EDIT: Aww shit, this was a necro thread. Whatever. :) Spoilers for Baldur's Gate 2 and Spec Ops: The Line ahead!
Overall, I guess in games I am not necessarily looking for the best story (which would fit a movie or book), but what good interactivity can bring to the story telling.
I'll partially have to say Spec Ops: the Line. The game made me feel like I was "in" the game enough for me to feel really bad about what was going on in it.
I'll also mention this one, but mainly just for one scene: the one where the "antagonist" puts you it a situation where you have to decide which of the two hanging soldiers (both of which have allegedly done something bad) survives, ie. you have to kill one of them. And if you don't choose, the antagonist¨'s snipers will kill both of them.
That story element in itself was not that original, considering movies like Sophie's Choice etc., but what made it remarkable was that while the game seemed to give you an option try to save them both (but only seemed; I think they will both "die" then anyway) by fighting back, in the end you learn that the protagonist was basically just imaging it all. The soldiers you tried to save were dead already, so it didn't matter one way or another what kind of moral choice you made at that point (I don't know if the choice has some effect to his mental health or anything).
At that point I instantly recalled how many times I had reloaded an earlier save game in that part of the game, trying my best to save both soldiers by either shooting the ropes around their necks, or attacking the enemy snipers directly etc. All in vain, as they were dead already. The game was fjucking up with _me_, making me to replay the scene several times for nothing. :)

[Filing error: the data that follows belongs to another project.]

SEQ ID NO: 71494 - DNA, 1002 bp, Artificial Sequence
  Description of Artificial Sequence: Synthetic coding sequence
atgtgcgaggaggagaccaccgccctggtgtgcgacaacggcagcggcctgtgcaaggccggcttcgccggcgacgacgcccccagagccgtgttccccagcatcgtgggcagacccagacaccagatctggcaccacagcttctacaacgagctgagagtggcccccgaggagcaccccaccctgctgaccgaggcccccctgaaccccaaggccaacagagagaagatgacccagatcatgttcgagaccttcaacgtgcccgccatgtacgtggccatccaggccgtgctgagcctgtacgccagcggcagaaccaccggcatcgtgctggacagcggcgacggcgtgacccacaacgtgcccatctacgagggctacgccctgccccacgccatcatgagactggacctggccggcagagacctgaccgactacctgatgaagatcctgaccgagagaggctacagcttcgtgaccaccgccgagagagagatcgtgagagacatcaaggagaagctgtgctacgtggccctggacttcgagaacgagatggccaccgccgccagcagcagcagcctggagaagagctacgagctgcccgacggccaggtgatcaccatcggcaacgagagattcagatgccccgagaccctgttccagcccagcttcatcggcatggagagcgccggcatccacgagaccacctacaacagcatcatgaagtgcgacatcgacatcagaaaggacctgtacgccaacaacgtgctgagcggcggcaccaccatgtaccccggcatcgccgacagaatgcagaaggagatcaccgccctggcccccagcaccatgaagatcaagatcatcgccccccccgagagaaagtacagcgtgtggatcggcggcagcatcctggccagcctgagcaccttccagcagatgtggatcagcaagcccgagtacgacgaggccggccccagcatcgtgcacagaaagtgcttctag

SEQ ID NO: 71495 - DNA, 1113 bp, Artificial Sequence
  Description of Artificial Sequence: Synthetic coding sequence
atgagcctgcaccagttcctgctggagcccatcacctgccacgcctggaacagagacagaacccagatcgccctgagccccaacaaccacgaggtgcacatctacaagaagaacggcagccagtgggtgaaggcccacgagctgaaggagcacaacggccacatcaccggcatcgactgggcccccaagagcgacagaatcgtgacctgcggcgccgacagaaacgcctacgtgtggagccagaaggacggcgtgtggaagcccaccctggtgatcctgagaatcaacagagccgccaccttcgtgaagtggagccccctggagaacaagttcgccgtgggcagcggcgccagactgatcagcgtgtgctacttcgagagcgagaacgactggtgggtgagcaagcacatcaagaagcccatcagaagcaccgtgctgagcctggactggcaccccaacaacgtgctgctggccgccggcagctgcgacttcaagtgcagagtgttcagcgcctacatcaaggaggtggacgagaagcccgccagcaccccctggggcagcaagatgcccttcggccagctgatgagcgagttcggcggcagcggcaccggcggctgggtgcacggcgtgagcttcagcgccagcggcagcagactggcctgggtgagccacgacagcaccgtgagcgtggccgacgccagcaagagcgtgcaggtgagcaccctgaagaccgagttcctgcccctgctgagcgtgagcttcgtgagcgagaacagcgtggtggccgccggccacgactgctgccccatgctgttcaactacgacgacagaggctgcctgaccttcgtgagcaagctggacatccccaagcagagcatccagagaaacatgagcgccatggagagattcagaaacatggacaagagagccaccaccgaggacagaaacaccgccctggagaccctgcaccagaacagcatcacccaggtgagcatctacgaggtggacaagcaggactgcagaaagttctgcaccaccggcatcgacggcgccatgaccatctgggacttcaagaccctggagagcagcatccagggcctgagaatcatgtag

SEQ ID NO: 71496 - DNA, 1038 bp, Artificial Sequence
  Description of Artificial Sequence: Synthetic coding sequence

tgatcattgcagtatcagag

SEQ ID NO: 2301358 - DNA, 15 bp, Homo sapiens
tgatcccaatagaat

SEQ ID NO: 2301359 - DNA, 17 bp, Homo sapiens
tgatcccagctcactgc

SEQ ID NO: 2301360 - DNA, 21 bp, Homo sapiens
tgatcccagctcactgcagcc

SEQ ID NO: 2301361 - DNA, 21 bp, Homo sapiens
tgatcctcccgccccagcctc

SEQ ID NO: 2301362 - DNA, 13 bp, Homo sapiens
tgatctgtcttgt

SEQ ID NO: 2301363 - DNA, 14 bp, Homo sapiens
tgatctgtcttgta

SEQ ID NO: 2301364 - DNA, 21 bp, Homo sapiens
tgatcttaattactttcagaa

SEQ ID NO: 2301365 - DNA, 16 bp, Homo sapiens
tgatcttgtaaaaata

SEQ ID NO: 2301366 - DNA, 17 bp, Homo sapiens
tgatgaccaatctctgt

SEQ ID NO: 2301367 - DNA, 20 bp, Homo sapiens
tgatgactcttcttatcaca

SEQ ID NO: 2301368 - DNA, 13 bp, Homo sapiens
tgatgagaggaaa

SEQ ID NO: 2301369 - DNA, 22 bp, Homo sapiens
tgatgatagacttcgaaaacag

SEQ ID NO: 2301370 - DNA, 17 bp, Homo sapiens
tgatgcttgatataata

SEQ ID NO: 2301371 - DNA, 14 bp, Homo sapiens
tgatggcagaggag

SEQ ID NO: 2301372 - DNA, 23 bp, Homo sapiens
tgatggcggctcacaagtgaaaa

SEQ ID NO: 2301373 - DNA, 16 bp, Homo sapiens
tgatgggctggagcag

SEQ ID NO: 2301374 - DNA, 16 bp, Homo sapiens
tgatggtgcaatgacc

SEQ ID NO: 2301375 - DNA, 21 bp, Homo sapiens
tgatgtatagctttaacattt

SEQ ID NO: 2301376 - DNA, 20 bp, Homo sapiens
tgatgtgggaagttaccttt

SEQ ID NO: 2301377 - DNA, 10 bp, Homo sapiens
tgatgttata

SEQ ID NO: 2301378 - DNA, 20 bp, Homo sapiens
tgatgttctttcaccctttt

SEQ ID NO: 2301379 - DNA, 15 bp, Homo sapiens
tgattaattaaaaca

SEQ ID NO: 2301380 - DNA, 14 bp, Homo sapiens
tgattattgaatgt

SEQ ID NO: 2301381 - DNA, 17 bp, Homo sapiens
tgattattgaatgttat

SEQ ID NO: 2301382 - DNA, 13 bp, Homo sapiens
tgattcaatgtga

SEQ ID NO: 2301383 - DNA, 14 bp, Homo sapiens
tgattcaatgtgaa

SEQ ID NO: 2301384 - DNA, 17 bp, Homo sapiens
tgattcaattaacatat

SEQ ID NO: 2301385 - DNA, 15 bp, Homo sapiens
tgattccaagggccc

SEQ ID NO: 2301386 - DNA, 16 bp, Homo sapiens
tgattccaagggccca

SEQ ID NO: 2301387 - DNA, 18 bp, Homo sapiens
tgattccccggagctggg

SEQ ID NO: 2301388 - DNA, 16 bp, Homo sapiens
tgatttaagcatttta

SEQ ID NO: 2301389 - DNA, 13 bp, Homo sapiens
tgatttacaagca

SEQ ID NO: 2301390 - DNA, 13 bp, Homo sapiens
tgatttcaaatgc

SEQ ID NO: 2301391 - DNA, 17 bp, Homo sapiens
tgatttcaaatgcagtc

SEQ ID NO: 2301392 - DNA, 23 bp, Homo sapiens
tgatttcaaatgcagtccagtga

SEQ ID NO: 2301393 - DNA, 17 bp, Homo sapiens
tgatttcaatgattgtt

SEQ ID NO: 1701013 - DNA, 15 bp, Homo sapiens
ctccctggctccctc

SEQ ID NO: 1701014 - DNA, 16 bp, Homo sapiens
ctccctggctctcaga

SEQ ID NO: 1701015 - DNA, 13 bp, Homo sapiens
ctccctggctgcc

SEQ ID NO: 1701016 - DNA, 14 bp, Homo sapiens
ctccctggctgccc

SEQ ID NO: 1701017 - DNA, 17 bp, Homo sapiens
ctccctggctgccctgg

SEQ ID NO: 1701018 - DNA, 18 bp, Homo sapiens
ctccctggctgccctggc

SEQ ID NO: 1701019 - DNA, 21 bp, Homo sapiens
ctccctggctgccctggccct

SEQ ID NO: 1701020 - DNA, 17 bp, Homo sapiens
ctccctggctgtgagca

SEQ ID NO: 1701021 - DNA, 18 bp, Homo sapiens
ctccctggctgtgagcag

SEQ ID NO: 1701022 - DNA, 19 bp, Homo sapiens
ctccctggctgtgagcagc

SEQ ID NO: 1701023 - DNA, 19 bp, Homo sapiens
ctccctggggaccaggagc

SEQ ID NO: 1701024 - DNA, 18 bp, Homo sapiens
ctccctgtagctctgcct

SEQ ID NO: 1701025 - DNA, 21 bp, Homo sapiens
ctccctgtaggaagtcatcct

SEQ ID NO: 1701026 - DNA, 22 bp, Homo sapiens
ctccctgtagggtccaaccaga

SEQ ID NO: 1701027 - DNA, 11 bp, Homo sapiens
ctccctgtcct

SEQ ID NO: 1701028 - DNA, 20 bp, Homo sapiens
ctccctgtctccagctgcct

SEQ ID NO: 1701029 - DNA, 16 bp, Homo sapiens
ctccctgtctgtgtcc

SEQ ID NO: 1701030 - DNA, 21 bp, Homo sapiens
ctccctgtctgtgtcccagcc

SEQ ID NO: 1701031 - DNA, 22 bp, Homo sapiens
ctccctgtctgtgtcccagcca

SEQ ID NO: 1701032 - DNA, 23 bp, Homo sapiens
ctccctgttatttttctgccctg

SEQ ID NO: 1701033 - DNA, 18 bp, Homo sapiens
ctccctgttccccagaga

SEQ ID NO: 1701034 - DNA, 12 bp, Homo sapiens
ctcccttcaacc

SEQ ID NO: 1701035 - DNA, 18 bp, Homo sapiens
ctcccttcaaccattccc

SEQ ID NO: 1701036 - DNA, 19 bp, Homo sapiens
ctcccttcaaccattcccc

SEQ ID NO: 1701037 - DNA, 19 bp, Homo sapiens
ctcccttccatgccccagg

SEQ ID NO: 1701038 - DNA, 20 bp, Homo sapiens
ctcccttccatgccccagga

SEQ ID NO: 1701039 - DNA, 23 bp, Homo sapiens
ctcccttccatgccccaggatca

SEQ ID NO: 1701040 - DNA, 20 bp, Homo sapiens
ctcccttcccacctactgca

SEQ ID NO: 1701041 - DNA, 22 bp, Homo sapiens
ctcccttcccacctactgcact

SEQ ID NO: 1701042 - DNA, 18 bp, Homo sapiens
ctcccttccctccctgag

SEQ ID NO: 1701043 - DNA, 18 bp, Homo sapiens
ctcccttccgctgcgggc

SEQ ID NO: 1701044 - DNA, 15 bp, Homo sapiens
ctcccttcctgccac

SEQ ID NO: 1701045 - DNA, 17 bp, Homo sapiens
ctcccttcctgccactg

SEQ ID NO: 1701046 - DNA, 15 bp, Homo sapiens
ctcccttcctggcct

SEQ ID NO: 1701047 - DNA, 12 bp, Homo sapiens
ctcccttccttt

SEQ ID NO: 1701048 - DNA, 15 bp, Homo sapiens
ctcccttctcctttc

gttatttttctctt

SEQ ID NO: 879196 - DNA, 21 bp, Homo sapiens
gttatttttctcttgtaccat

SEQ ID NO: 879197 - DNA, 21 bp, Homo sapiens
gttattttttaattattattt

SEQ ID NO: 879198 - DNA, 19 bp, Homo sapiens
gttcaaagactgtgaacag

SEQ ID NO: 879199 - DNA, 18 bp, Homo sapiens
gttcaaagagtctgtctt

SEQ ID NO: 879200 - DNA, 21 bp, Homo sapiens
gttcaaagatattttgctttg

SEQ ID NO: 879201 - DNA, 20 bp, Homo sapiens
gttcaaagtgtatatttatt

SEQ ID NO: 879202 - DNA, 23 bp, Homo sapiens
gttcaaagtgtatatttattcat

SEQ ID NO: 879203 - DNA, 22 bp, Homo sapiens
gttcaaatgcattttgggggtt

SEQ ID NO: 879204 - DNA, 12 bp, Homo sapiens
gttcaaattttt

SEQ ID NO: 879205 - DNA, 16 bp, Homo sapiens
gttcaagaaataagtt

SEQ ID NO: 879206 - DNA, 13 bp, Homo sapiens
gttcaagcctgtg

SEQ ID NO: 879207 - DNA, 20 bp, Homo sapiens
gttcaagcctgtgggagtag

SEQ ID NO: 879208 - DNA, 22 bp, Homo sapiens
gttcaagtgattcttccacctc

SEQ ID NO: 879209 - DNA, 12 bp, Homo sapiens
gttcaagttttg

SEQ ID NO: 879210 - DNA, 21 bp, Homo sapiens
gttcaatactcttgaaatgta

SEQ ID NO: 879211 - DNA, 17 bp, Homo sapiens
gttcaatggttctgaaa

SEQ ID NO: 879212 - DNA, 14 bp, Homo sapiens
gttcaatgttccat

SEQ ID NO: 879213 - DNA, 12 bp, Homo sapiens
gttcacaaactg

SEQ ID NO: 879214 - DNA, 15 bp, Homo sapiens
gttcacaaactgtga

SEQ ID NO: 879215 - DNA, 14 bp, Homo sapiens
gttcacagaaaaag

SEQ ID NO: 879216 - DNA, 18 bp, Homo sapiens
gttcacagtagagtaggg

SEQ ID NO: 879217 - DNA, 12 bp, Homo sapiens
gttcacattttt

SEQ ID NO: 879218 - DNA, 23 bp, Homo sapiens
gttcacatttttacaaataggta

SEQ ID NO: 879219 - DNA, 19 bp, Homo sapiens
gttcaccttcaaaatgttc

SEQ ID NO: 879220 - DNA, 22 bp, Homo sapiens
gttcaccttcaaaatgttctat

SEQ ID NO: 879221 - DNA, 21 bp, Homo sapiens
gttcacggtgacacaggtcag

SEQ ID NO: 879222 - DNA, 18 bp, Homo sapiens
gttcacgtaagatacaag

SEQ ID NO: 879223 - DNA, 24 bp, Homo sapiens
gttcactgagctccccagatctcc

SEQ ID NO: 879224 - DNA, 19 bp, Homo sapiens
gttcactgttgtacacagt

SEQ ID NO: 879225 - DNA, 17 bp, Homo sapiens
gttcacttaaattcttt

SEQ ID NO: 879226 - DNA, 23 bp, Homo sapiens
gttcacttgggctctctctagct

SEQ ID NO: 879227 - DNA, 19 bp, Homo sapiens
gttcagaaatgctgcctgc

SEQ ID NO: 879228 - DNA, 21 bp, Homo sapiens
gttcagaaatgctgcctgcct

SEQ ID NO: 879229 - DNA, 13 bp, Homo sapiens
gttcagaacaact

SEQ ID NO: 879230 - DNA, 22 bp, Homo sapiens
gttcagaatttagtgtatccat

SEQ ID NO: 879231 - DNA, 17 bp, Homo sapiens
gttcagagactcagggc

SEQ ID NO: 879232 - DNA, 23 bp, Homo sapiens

I think that is good example where interactive story telling can shine compared to passively absorbing someone else's story from a book or movie. It is happening to "you", and you are making choices.
Another more recent case is Baldur's Gate 2. I had hard time deciding what to do with e.g. Keldorn, a great fighter (paladin) in my party who was becoming homesick because his wife was willing to get a divorce, and kids wouldn't consider him as a father anymore. But still, I didn't want to lose Keldorn as he is probably the best non-evil fighter you can have in the game, but then I also felt bad forcing him to stay in the party.
BG2 made it easier though by giving you a third option, ie. Keldorn can stay with her family for a day or two, after which he is obliged to rejoin your party. And he seems fine with that solution, especially as he keeps telling his family he will rejoin them after our adventure together is over. This is the "have a cake and eat it too"-option for that dilemma.
I would have probably preferred if Bioware had dropped this third option away from the Keldorn subquest, ie. you really have to decide whether you do the right thing and lose a good fighter from your party, or keep him and maybe listen to his homesickness wailing the rest of the game.